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Everyone loves a good Dhoni

By now the entire cricketing world, that's a total of 105 countries, must be aware that Indian cricket captain Mahender Singh Dhoni has become a goodwill ambassador for cricket in neighbouring Nepal. Utpal Parashar reports.

cricket Updated: Jun 20, 2012 23:37 IST
Utpal Parashar

By now the entire cricketing world, that's a total of 105 countries, must be aware that Indian cricket captain Mahender Singh Dhoni has become a goodwill ambassador for cricket in neighbouring Nepal.

The flamboyant 31-year-old, ranked the 31st richest sportsperson in the world with annual earnings of $26.5 million by Forbes magazine, was on a whirlwind trip of Kathmandu last Saturday with wife Sakshi.

And everybody in this Himalayan nation, facing a constitutional and political crisis following dissolution of the Constituent Assembly for failure to draft a new constitution on time, loved it.

Though Dhoni's friendship with an Indian diplomat posted in Kathmandu was the initial trigger for the visit, the Indian embassy quickly termed it official and used the trip to "promote bilateral ties".

Cricket Association of Nepal was also pulled in and Dhoni imparted tips on technique and temperament to the country's U-19 team and senior players from the men and women's teams.

Captain Cool who is never at loss for words made the right noises by stating how despite knowing almost next to nothing about cricket in Nepal, he would love to promote the game here.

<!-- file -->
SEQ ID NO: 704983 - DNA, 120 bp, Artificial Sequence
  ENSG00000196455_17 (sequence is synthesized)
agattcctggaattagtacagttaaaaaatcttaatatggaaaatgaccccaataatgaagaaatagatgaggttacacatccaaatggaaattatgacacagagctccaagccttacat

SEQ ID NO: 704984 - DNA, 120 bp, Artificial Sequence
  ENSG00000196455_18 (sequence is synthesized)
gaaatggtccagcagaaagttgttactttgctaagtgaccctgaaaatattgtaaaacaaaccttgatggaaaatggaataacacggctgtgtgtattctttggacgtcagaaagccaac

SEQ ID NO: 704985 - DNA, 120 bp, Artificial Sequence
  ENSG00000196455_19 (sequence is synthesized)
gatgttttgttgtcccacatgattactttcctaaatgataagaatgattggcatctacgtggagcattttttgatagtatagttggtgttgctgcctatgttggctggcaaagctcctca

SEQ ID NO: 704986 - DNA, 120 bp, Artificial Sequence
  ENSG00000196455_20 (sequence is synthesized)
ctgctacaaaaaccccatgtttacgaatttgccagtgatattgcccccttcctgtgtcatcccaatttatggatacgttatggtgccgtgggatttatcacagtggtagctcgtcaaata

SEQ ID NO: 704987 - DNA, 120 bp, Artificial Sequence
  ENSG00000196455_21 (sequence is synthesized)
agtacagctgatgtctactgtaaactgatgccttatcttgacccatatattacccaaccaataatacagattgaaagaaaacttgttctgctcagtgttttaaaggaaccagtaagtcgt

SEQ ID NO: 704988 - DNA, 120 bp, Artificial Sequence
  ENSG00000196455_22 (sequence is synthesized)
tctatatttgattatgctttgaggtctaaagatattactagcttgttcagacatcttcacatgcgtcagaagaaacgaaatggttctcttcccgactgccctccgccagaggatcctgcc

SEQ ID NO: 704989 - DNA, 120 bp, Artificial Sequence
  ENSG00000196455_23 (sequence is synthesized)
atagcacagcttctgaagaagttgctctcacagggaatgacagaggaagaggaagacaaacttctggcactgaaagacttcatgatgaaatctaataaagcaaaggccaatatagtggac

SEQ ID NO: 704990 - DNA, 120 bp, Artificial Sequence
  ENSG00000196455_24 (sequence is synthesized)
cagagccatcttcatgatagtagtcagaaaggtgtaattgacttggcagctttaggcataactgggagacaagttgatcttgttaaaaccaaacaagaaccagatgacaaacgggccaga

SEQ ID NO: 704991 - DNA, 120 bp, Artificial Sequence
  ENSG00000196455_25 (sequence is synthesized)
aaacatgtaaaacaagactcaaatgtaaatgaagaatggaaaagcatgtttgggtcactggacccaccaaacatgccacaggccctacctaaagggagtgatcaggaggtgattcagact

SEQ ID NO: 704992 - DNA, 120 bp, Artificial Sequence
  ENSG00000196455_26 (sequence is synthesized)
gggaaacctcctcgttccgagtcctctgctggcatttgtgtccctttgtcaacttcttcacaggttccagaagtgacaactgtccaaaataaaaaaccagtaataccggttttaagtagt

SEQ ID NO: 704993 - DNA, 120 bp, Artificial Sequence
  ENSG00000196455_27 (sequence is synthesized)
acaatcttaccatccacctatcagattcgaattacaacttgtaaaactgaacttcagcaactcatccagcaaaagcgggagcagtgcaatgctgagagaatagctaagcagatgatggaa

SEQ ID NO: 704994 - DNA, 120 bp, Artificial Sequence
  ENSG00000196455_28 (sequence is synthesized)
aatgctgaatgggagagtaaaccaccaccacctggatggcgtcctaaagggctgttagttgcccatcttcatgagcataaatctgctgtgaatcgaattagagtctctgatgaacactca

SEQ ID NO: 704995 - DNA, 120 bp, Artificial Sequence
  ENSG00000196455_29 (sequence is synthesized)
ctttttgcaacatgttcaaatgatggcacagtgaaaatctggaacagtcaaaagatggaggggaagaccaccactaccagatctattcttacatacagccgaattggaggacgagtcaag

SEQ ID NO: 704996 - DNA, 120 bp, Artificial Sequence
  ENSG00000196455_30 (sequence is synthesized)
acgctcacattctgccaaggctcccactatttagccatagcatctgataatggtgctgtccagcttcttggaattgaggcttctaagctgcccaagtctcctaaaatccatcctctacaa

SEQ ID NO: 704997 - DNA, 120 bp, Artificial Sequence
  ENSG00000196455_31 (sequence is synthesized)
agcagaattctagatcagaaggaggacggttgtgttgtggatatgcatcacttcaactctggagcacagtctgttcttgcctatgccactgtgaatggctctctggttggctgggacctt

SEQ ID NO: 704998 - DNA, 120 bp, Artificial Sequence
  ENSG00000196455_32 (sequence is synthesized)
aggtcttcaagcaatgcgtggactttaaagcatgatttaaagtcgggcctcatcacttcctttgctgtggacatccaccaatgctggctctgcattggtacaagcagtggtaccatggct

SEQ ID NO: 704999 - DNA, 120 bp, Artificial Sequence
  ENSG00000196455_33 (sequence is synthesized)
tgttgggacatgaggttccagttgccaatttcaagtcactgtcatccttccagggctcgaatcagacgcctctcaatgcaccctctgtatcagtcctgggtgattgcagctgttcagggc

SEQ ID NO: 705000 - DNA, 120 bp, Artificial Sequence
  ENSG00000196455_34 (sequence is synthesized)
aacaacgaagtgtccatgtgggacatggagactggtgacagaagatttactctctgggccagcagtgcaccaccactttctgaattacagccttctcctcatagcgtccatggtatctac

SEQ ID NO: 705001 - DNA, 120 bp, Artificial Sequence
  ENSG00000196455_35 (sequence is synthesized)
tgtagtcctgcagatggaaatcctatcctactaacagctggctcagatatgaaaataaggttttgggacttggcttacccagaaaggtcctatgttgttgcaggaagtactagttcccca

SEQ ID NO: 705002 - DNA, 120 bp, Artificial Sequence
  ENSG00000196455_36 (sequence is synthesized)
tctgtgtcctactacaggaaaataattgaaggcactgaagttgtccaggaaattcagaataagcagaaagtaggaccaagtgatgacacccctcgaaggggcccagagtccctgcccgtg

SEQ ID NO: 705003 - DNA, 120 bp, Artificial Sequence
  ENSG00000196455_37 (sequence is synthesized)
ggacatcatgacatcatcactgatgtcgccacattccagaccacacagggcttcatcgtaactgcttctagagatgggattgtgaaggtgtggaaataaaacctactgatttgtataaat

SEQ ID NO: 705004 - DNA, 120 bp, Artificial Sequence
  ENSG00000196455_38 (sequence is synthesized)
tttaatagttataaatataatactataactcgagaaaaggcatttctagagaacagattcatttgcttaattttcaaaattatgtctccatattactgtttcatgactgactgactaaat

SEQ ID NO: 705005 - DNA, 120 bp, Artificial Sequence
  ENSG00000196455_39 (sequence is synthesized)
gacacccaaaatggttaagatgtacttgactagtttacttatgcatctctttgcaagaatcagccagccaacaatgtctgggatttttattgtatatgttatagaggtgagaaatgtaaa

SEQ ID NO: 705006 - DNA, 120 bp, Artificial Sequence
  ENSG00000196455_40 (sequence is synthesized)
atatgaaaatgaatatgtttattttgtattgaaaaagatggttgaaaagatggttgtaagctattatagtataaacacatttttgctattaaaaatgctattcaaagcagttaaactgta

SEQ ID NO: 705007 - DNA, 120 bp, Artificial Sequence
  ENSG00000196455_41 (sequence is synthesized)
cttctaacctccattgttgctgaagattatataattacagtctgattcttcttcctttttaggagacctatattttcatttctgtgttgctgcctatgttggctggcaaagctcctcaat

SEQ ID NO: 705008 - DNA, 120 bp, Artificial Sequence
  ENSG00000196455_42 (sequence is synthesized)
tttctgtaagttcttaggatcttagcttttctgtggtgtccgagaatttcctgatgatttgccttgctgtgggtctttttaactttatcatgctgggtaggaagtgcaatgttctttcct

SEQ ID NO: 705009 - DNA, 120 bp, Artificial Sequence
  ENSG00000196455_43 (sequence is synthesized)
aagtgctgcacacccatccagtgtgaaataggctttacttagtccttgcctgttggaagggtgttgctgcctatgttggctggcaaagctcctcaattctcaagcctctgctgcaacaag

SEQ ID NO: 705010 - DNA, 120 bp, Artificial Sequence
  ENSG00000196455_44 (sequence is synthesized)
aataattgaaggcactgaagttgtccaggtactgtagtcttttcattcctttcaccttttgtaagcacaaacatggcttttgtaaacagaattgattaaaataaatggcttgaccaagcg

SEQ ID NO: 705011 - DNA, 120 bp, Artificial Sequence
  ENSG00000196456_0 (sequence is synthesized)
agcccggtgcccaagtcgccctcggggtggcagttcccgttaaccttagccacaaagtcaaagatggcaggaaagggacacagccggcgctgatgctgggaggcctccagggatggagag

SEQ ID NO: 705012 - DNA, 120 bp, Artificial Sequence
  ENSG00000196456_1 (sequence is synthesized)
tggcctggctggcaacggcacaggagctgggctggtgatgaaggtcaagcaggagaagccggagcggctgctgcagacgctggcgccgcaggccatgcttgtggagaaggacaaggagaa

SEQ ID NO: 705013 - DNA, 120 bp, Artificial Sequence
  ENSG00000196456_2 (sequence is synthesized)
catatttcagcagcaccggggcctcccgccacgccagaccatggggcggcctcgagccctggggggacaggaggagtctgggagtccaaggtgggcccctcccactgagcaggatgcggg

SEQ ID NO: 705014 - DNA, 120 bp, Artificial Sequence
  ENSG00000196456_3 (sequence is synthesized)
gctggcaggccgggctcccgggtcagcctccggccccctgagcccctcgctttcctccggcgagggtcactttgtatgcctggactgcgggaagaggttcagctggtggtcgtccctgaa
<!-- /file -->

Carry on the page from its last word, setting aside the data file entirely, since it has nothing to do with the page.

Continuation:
Tourism minister Posta Bahadur Bogati used the opportunity to name Dhoni goodwill ambassador for Nepali cricket. Everyone hoped the visit will put international spotlight on cricket in the football-crazy nation.

A mismanaged 'Evening with Dhoni' kept the lucky invited guests happy as they got a chance to pose for photos, get autographs and ask questions. Nepal's cricket coach Sri Lankan Pubudu Dassanayake and senior players had to be content standing in the sidelines.

President Ram Baran Yadav, the man in the spotlight after the government became 'caretaker', met Dhoni to discuss cricket. And those at Maiti Nepal, the NGO involved in rescuing Nepali girls trafficked to Indian brothels, too got their bit of Dhoni time.

The visit grabbed headlines all over and one newspaper editorial hoped it would "help in adding to the sport's sex appeal in the country".

After a customary visit to Pashupatinath Temple, Dhoni flew back to India. And things returned to normal in Kathmandu with a split in the ruling Maoist party two days later.